The Serbian Orthodox Cathedral of St. Sava

by Don Friedman on May 3, 2016

In the summer of 1996, I first started work on the Cathedral of St. Sava, on 25th Street just west of Fifth Avenue, as a consultant to William Stivale. The initial work was a review of the condition of the roof trusses, which were exposed within the sanctuary space, but the project later encompassed exterior restoration. More recently, we worked on repairs to the roof of the adjacent parish house. The church was designed by Richard Upjohn and constructed in the 1850s as an uptown chapel for Trinity Church. The conversion to Serbian Orthodox use kept the beauty of the delicate interiors and the brownstone exterior intact. The church was on the National Register of Historic Places as well as being designated as a New York City landmark.

The cathedral burned on Sunday. Fortunately, no one was killed and there were only minor injuries, but the building is a complete loss.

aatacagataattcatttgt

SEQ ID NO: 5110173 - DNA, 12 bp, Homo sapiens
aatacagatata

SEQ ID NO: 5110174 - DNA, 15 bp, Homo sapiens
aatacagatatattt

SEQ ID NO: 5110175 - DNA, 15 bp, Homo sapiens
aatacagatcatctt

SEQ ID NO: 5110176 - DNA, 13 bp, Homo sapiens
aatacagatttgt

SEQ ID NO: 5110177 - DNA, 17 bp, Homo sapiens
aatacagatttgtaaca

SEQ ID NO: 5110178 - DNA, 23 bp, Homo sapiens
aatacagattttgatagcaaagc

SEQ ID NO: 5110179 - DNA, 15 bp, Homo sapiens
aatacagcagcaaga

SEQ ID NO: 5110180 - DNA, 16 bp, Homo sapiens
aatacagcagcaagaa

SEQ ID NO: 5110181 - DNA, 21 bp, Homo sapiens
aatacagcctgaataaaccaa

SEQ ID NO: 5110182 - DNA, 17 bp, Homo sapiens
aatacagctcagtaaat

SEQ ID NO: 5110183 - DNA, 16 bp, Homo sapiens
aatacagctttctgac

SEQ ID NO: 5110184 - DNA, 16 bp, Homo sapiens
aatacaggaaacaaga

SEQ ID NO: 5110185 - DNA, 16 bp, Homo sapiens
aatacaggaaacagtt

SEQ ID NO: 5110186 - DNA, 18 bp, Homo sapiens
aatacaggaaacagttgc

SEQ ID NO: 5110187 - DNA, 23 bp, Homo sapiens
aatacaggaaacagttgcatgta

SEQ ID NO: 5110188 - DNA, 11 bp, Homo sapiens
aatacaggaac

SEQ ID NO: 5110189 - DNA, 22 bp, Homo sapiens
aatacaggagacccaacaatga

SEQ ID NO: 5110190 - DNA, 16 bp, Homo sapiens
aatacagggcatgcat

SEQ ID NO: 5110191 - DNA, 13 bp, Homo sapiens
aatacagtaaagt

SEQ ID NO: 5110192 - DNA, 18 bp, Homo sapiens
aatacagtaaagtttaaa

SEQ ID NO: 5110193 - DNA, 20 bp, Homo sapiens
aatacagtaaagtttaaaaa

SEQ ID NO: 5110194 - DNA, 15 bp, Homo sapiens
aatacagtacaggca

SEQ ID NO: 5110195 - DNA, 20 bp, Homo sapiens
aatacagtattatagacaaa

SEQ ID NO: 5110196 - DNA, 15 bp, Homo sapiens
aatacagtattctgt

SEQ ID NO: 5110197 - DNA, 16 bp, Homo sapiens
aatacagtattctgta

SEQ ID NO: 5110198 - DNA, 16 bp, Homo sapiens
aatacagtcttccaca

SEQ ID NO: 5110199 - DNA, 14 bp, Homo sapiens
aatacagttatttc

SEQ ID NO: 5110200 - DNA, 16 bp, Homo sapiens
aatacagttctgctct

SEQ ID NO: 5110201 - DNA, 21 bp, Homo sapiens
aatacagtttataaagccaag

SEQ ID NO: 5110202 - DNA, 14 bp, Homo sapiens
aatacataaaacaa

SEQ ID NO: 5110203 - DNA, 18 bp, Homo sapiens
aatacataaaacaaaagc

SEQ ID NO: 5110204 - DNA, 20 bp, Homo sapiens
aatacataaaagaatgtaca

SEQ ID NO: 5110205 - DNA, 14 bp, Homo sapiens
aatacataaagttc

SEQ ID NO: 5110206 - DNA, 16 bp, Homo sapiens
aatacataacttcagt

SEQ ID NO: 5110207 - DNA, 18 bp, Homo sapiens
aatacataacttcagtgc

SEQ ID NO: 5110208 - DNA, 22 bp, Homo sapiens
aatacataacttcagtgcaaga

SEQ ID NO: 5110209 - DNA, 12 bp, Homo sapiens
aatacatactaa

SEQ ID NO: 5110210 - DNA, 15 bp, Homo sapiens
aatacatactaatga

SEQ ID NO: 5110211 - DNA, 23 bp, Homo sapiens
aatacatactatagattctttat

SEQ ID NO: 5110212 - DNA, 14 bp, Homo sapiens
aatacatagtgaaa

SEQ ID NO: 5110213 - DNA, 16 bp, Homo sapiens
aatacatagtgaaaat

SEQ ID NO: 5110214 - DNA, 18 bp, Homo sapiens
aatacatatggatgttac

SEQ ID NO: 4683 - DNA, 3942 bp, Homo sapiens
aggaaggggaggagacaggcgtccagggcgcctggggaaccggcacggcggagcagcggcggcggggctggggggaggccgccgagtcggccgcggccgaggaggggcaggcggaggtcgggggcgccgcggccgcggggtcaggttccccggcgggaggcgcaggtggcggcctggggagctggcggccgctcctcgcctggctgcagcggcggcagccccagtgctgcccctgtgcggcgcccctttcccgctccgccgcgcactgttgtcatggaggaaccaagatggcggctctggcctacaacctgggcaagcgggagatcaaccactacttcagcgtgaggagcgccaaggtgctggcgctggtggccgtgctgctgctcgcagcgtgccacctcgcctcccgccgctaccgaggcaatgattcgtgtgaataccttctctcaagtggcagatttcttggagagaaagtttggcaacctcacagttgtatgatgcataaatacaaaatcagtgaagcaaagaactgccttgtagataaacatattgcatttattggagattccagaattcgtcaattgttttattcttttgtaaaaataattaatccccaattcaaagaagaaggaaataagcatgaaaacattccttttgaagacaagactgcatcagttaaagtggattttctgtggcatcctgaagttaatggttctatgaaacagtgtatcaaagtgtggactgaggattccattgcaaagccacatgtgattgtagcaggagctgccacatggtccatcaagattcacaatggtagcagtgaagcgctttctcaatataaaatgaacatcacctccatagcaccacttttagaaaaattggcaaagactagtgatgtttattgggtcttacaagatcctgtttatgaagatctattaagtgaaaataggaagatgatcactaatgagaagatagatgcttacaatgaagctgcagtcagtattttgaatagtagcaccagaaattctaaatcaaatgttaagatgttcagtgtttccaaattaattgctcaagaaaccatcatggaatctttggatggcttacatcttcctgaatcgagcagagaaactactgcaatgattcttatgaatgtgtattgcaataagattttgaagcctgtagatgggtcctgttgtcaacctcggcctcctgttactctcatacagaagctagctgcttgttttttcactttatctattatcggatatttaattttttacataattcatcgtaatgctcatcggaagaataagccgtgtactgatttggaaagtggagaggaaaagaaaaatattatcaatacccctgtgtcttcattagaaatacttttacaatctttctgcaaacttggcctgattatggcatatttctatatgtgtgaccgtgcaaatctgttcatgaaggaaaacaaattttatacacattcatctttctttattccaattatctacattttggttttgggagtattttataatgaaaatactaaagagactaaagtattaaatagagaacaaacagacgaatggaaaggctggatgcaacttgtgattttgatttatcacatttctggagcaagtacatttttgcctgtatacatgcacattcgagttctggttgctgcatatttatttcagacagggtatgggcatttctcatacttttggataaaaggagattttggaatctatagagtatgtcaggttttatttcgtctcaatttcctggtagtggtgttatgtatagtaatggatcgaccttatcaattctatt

In any profession, you win some and you lose some. In historic preservation work, “losing some” usually means exactly that: a building is lost, and whatever historic and cultural values it had for people and society are gone. Usually we see this coming. Sometimes investigation shows us that a building is too badly damaged to be repaired; sometimes the values it embodies are not enough to protect it against new development of the site, or the inertia of disuse. It is especially hard to suddenly lose a building like St. Sava that is both loved and physically functioning. I do not expect to outlive 150-year-old buildings.

It was an honor to work on St. Sava, and especially so in the company of professionals like Marie Ennis, Bill Stivale, John Moller, and Derek Trelstad.

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